eCommerce is a tough world. With average conversion rates being reported by Moz as just 1.4%, it’s clear that marketers have an uphill battle against themselves to ensure that returns on investment are seen and that traffic converts into sales. It’s all well and good driving thousands of visitors each month to a store but if no one is buying, what’s the point?
With this in mind, it’s important to consider how well a store actually converts. If conversion rates are just 1.4%, that ultimately means That for every thousand visitors, 14 orders could be expected. Not much when you look at it like that is it?
Traditionally, marketers are all too focused upon driving higher volumes of traffic to an online store and often fail to do the maths and address the obvious problems. The bottom line is that if a store is converting less than 14 orders from every thousand visitors, it’s performing at a lower level than a benchmark average. There are several solutions from your website design to the colour schemes used on site. If it’s converting higher than that, then there’s obviously something being done right, however it’s all too easy to overlook simple tweaks and amendments to a store which could have a positive impact upon conversion rates. Alongside driving higher volumes of traffic, working to increase conversion rates can see a stronger return on marketing investment generated for a store.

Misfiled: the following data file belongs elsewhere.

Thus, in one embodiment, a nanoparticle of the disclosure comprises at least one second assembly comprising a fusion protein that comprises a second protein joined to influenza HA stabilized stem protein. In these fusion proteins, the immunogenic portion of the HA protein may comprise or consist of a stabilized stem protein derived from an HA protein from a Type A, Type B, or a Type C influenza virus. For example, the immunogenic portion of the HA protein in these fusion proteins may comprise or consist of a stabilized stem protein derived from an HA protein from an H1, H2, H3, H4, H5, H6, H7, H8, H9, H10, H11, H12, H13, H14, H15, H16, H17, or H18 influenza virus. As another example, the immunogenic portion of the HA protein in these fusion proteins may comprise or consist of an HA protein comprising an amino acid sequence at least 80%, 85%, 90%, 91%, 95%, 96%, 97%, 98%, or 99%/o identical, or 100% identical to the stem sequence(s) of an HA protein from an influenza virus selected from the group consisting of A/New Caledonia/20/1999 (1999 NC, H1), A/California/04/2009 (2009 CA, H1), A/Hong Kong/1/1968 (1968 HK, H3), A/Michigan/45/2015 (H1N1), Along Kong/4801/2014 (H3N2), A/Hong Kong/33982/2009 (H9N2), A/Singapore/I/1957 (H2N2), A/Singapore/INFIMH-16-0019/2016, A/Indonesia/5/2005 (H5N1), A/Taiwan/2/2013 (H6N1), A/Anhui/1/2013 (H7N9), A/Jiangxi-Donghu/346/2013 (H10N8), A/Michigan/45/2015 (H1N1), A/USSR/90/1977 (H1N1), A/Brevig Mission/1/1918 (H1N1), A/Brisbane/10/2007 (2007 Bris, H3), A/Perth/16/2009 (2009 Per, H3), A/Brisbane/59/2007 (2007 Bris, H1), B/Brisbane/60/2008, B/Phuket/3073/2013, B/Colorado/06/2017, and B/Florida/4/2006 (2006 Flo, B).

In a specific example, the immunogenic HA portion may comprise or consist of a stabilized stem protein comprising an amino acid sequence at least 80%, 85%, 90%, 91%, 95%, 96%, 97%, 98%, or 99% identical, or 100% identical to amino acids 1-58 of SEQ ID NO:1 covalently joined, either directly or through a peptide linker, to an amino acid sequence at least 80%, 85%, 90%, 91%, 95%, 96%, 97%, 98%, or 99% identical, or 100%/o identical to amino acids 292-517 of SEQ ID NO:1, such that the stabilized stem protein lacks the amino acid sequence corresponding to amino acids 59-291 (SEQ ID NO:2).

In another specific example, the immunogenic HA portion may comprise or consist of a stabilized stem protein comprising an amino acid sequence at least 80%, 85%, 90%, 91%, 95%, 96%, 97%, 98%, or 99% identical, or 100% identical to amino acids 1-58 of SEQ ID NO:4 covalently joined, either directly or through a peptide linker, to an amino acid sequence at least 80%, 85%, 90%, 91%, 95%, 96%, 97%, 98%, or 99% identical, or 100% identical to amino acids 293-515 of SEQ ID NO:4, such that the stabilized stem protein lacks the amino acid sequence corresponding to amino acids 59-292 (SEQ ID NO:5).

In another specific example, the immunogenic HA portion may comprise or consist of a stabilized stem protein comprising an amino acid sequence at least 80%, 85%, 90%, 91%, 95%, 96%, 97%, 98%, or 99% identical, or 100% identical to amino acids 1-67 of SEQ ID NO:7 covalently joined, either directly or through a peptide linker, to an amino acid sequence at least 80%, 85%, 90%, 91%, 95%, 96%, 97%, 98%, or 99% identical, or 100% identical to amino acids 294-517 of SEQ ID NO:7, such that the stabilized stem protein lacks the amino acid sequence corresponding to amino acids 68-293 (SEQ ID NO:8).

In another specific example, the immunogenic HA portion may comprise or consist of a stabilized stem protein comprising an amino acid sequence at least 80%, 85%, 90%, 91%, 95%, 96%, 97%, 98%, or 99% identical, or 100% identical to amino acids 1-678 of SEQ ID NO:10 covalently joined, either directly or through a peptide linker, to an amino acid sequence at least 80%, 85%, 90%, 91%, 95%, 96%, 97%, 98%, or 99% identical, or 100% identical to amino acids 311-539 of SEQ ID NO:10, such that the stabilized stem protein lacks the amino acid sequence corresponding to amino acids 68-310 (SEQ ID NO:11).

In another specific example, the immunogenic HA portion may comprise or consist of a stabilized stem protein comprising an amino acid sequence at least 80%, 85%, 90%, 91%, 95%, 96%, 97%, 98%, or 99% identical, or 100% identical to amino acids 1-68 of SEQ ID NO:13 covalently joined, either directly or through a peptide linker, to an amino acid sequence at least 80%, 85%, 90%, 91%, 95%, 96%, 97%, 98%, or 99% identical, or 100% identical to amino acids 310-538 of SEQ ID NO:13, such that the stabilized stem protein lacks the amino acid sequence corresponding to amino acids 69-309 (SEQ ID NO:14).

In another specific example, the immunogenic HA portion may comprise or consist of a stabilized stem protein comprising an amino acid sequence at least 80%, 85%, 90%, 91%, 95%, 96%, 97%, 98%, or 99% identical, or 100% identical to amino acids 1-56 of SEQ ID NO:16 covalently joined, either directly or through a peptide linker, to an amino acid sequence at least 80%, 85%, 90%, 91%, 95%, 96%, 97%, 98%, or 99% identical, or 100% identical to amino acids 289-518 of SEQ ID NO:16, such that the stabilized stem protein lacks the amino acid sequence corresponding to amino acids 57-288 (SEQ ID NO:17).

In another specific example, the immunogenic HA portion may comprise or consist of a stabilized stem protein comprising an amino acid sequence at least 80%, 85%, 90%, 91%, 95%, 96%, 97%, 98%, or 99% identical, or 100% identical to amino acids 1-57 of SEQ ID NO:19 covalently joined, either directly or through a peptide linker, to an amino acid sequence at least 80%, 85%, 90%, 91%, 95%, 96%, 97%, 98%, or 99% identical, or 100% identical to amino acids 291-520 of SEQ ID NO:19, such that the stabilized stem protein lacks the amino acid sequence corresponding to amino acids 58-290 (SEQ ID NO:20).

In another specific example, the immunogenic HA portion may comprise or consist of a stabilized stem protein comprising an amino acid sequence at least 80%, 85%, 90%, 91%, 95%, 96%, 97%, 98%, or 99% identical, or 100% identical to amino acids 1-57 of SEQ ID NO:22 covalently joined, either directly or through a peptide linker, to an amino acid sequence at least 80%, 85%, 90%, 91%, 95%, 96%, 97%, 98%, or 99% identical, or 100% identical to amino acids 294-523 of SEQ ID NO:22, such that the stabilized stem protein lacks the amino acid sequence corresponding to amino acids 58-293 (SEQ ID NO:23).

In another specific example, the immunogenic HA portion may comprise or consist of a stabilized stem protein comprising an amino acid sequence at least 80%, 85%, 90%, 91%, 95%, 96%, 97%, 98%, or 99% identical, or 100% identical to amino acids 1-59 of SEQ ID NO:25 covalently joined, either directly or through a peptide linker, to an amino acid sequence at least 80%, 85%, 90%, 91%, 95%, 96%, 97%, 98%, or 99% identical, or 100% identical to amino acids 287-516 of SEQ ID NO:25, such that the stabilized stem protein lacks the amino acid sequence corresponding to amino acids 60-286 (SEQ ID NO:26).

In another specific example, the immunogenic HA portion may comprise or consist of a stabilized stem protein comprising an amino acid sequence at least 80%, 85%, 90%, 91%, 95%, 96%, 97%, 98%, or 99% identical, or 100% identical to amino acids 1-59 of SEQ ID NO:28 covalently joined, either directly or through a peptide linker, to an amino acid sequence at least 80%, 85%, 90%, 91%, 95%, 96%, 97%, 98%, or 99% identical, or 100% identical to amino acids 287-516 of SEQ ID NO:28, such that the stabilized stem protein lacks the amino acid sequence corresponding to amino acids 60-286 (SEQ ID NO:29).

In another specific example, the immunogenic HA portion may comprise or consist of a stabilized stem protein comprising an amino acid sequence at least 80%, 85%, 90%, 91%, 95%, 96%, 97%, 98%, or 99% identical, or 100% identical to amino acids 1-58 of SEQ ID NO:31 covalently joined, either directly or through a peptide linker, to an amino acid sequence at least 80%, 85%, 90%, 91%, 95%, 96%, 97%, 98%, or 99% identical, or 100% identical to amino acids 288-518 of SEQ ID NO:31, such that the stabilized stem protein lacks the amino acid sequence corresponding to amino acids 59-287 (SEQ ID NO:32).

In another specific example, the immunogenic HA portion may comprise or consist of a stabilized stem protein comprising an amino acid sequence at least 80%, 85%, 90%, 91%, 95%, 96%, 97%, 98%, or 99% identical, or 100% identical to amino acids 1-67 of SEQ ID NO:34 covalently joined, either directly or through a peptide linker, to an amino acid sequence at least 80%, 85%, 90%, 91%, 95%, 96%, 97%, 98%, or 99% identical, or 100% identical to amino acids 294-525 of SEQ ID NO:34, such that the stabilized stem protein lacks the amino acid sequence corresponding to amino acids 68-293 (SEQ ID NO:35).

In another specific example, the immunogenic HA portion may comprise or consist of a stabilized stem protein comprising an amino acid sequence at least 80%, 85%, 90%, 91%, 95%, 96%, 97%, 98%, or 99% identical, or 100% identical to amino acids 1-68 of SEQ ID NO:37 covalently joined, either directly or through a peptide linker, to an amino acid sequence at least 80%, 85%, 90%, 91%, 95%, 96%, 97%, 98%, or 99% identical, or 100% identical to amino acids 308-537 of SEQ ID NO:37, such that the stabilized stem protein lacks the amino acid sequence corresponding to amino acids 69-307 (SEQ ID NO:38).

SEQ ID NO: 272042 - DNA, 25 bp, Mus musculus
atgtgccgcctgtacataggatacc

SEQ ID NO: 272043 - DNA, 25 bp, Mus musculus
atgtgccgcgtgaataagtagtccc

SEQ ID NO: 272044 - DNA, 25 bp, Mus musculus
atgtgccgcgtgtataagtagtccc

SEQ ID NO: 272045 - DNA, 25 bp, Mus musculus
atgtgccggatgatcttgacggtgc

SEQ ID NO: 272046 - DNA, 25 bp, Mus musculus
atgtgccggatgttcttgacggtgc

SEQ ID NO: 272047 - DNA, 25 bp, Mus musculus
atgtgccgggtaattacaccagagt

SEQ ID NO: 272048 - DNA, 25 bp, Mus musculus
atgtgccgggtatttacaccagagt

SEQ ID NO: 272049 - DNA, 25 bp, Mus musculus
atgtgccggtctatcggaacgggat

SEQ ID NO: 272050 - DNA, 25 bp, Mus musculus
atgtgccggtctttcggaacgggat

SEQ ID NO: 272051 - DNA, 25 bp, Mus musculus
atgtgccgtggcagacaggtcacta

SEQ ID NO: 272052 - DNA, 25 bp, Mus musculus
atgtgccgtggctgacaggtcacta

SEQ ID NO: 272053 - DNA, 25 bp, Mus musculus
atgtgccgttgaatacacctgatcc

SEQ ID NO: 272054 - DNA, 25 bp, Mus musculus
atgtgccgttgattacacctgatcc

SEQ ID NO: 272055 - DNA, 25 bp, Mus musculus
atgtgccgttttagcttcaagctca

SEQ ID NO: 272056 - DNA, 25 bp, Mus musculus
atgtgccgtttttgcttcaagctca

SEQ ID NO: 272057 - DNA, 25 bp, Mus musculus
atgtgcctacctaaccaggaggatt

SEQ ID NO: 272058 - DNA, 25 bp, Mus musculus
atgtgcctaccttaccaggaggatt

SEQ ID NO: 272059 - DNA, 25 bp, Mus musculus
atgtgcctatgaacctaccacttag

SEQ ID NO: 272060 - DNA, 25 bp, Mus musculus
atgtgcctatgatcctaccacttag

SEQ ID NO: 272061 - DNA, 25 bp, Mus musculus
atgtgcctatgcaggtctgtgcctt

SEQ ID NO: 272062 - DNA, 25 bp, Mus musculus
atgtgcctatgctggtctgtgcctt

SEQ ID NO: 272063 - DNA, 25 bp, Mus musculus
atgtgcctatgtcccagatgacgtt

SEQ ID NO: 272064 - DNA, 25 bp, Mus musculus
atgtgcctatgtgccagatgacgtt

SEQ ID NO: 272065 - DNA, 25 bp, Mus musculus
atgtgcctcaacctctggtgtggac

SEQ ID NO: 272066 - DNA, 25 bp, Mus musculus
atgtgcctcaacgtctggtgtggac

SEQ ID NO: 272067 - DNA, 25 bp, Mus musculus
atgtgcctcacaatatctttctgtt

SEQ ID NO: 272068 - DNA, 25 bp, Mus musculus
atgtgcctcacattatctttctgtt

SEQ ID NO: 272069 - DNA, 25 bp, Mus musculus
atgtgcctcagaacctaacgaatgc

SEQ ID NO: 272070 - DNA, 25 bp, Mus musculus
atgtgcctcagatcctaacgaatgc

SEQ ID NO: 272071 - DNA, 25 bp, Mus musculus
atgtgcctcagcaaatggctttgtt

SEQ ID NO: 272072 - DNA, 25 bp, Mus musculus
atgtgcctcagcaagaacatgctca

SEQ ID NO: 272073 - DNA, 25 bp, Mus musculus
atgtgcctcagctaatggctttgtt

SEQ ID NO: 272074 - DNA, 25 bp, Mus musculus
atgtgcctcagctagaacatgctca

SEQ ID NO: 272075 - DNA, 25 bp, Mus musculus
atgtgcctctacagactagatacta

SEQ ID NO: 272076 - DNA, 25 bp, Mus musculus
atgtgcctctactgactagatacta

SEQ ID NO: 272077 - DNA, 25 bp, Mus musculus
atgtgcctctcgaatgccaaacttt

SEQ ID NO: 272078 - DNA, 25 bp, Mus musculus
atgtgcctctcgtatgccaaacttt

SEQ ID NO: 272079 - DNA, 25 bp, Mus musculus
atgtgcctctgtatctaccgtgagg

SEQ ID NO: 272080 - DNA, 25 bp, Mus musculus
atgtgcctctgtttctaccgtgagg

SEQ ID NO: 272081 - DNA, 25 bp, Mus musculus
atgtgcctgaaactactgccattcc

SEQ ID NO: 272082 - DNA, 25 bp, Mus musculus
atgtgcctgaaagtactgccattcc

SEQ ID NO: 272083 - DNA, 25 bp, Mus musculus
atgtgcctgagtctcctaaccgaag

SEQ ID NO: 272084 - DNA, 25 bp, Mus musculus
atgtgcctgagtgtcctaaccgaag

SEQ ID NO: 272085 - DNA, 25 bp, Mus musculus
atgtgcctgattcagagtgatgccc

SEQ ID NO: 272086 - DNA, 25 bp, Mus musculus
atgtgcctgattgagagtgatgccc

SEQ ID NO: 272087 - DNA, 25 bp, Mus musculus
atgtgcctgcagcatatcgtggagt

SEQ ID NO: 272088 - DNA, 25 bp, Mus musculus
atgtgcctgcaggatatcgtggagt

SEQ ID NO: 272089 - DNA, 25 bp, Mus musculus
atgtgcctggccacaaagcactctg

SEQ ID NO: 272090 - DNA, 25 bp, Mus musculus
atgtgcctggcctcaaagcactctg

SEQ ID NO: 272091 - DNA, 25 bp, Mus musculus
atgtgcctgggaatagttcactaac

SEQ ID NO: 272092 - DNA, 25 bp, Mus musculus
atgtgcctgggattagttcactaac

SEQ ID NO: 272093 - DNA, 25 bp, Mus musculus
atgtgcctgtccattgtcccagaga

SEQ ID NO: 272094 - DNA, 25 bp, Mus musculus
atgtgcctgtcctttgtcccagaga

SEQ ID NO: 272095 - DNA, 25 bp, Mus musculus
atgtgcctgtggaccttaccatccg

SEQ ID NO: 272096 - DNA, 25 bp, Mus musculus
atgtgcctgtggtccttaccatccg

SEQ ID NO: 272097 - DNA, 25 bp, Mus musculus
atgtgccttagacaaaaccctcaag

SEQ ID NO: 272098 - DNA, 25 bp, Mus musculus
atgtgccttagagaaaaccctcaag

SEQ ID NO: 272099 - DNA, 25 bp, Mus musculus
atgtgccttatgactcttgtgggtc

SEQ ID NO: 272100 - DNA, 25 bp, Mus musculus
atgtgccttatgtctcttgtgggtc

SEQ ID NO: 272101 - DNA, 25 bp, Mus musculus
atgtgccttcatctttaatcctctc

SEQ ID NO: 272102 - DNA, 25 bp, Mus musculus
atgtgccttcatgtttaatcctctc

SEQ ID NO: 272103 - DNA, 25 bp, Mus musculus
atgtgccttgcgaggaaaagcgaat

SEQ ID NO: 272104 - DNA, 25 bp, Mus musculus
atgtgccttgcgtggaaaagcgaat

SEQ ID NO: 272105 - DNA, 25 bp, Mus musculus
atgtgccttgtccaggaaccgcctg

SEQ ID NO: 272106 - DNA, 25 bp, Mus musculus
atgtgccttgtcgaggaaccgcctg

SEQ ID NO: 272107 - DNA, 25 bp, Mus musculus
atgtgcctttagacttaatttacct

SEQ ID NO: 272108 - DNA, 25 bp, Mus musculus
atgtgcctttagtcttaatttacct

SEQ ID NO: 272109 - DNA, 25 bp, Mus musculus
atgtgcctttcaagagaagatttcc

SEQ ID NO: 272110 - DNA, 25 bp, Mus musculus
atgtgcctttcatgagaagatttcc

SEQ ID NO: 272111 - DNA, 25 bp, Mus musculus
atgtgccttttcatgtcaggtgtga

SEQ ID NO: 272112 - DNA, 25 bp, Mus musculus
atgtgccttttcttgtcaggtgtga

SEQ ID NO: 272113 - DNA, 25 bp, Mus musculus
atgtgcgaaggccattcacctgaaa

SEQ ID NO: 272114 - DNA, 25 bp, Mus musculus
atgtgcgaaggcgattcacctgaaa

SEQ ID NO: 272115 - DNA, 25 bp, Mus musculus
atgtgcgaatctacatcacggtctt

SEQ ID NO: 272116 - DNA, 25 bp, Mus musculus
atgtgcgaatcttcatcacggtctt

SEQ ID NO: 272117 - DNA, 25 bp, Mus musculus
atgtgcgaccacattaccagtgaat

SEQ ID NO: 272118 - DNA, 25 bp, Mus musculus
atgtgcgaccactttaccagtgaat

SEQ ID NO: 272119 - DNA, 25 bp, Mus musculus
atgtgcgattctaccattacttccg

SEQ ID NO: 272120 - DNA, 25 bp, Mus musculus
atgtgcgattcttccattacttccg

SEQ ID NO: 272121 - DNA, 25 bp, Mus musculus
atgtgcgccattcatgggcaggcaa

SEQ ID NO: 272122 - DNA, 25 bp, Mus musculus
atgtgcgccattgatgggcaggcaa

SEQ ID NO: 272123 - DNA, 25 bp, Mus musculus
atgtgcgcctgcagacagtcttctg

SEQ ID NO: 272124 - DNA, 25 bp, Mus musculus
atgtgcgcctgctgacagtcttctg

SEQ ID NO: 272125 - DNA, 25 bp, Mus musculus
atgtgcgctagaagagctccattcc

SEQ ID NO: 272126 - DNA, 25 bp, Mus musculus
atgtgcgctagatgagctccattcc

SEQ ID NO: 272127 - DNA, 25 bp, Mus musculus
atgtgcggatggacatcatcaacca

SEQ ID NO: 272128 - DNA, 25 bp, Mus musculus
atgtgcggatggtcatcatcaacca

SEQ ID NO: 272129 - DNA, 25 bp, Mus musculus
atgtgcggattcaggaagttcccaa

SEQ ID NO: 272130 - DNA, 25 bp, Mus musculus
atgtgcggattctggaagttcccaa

Of course whilst 1.4% is the average, that doesn’t mean that a higher conversion rate can’t be experienced and it’s often the case that sales are being missed out on simply because no one has taken the time to carry out an analysis and testing to define what works best on the online store from a conversion rate perspective. Known as conversion rate optimisation, in some ways it’s a skill unto it’s own, however using a number of popular tools such as Decibel Insight or Crazy Egg, you can start to build a better understanding as to how consumers interact with the website and, as a result, make educated changes which are likely to have a positive impact.
In many instances, there’s a number of simple solutions to see the conversion rate of an eCommerce store increased, from changing the colour of ‘add to cart’ buttons and re-positioning breadcrumbs through to moving to lifestyle-led images and a host of other simple but effective implementations.
We came across this great infographic from NuBlue which looks at ‘The Anatomy of a Perfect eCommerce Store‘ and feel it does a great job of outlining the tried and tested structure; one which has been proven to convert time and time again.
If you’d like to hear some friendly advice from ourselves as to how we could help improve the conversion rates on your eCommerce store, get in touch!